Age Level: 4-8 year olds

I received this book free from the publisher through the book review bloggers program. I was not required to write a positive review. The opinions I have expressed are my own. I am disclosing this in accordance with the Federal Trade Commission’s 16 CFR, Part 255 “Guides Concerning the Use of Endorsements and Testimonials in Advertising.”

Friday, October 14, 2011

A Question Of Yams by Gloria Repp

Recommendation: Highly Recommended

This story is based on the story of a young man from Papua New Guinea who dared to defy the traditions of his tribe and began to trust in God. The people of this tribe depended on their sweet potato crops each year to feed them. They also depended on the spirits of their ancestors to make their gardens grow and produce a bountiful crop. Kuri's father has been learning about God from the missionaries who have come to their tribe and Kuri watches as his father defies the traditions of the Head Men and plants his garden without first praying to the spirits. Through the growing season Kuri and his father learn much about faith and the Word of God as they  cling to their favorite verse - Behold, God is mighty. He is mighty in strength and wisdom (Job 36:5).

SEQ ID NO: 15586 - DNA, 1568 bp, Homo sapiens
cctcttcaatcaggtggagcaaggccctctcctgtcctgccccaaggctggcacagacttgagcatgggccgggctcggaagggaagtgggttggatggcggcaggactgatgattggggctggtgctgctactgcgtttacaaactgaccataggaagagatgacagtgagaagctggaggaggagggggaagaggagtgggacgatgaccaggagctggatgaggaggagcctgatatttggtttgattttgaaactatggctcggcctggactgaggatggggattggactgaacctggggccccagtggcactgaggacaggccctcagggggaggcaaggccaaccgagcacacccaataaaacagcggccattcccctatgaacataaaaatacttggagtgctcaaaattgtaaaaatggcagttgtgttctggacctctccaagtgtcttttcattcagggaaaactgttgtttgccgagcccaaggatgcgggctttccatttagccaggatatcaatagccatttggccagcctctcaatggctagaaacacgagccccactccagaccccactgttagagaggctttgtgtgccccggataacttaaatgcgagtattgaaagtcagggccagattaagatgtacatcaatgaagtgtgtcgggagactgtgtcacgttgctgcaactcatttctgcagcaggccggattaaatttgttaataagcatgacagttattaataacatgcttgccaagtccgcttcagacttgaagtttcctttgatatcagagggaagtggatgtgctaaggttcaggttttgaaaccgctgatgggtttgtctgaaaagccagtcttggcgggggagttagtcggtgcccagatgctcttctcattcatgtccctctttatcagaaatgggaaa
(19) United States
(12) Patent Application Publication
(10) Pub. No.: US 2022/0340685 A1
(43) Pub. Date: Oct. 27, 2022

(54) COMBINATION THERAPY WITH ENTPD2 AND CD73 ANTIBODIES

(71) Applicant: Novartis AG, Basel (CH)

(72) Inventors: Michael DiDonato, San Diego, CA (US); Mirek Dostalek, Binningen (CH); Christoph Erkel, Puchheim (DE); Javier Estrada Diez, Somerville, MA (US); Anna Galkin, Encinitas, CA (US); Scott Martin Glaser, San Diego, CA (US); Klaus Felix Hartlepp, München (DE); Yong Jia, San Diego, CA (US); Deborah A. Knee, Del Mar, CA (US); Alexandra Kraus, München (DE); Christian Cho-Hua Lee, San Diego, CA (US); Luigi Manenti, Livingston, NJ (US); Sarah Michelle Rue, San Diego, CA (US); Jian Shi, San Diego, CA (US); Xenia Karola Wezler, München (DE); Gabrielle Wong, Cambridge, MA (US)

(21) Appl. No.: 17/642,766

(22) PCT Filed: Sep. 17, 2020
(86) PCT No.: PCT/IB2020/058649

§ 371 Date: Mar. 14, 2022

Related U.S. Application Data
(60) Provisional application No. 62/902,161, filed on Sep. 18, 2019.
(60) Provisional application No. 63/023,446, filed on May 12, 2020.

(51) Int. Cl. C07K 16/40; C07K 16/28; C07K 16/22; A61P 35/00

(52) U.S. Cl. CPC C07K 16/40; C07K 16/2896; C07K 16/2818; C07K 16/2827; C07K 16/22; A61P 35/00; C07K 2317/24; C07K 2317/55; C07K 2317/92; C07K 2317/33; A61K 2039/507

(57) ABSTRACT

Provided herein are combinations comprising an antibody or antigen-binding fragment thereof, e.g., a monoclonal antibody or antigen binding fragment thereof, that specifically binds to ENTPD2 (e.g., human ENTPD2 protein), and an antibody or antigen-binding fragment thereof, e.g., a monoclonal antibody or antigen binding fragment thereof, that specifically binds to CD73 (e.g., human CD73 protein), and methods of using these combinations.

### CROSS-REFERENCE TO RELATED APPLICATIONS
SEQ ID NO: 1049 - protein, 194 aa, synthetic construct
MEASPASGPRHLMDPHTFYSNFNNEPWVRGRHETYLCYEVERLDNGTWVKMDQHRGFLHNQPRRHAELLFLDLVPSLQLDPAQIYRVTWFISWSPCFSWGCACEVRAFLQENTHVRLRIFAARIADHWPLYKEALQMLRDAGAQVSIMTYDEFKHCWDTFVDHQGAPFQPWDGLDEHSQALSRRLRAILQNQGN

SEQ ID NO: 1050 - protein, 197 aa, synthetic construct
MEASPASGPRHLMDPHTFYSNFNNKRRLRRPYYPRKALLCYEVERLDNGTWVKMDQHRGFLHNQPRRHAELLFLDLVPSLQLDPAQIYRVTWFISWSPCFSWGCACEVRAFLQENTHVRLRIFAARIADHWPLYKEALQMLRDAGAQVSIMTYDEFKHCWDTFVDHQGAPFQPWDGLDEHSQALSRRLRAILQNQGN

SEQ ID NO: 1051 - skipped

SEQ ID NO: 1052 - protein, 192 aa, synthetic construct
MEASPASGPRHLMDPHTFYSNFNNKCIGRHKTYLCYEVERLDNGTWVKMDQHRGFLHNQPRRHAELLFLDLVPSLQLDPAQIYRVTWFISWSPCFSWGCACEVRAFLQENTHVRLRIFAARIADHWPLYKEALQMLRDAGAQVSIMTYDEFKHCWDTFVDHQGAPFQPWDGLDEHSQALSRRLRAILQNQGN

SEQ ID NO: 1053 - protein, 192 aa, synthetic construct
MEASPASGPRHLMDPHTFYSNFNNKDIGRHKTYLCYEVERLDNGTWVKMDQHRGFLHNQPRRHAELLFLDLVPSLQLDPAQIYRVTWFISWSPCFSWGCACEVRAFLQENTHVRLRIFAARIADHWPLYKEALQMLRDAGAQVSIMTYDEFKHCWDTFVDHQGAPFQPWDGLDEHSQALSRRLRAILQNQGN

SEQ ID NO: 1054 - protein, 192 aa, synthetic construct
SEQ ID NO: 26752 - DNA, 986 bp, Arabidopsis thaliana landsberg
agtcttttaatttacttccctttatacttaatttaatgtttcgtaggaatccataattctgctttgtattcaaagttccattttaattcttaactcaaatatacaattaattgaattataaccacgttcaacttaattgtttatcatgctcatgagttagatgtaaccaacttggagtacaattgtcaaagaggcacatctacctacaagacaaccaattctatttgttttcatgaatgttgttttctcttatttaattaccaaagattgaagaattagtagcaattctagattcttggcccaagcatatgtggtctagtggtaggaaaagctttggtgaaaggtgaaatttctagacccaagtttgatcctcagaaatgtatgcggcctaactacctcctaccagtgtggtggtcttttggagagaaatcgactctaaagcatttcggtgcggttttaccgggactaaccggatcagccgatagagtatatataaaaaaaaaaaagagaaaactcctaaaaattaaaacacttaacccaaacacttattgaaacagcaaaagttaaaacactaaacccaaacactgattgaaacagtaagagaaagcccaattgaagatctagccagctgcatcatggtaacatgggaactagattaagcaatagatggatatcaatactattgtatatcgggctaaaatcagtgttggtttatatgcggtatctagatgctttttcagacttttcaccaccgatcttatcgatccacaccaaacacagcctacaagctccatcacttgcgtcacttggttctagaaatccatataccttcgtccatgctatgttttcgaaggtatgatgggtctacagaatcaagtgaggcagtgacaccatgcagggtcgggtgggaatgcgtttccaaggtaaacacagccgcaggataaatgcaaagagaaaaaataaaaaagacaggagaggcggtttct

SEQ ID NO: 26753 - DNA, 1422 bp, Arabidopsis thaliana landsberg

Positives: I love missionary stories! This is a great story of a young boy learning to trust in God - a great lesson for children and all of us! I also loved that this is a story that young kids could read on their own and not have to have read to them.

Negatives: None

Talking  Points: Kuri had to learn to trust God for a basic provision - food. This is such a practical example to us! Talk to your child about trusting God for everything - whatever situation they may be facing that day. Teach them to believe the Bible as absolute truth and to trust in the promises and truths in it. Matthew 6:25-34 are excellent verses that tell us that God will provide for us so we do not need to worry. Teach your child to know and trust in the attributes of God. Here are a few to get you started. God is Truth (Deut. 32:4, Ps. 19:9, John 17:17), God is Eternal (Ps. 90:2, I Tim. 1:17, Is. 57:15), God is Holy (I Sam. 2:2, Ps. 98:1, I Jn. 1:5, Rev. 4:8), God is Omniscient (Ps. 147:4-5, Acts 15:18, Is. 46:10).

Age Level: 4-8 year olds (6-7 year old reading level)

Thursday, October 13, 2011

If You Grew Up With Abraham Lincoln by Ann McGovern

Recommendation: Highly Recommended

Sometime during our preparations for a family  trip to Washinton D.C., my then 4 year old daughter, fell in love with all things Abraham Lincoln (or as she called him, Lincoln Abe!). During our trip we picked up this book and she is now enjoying reading it herself after listening to me countless times!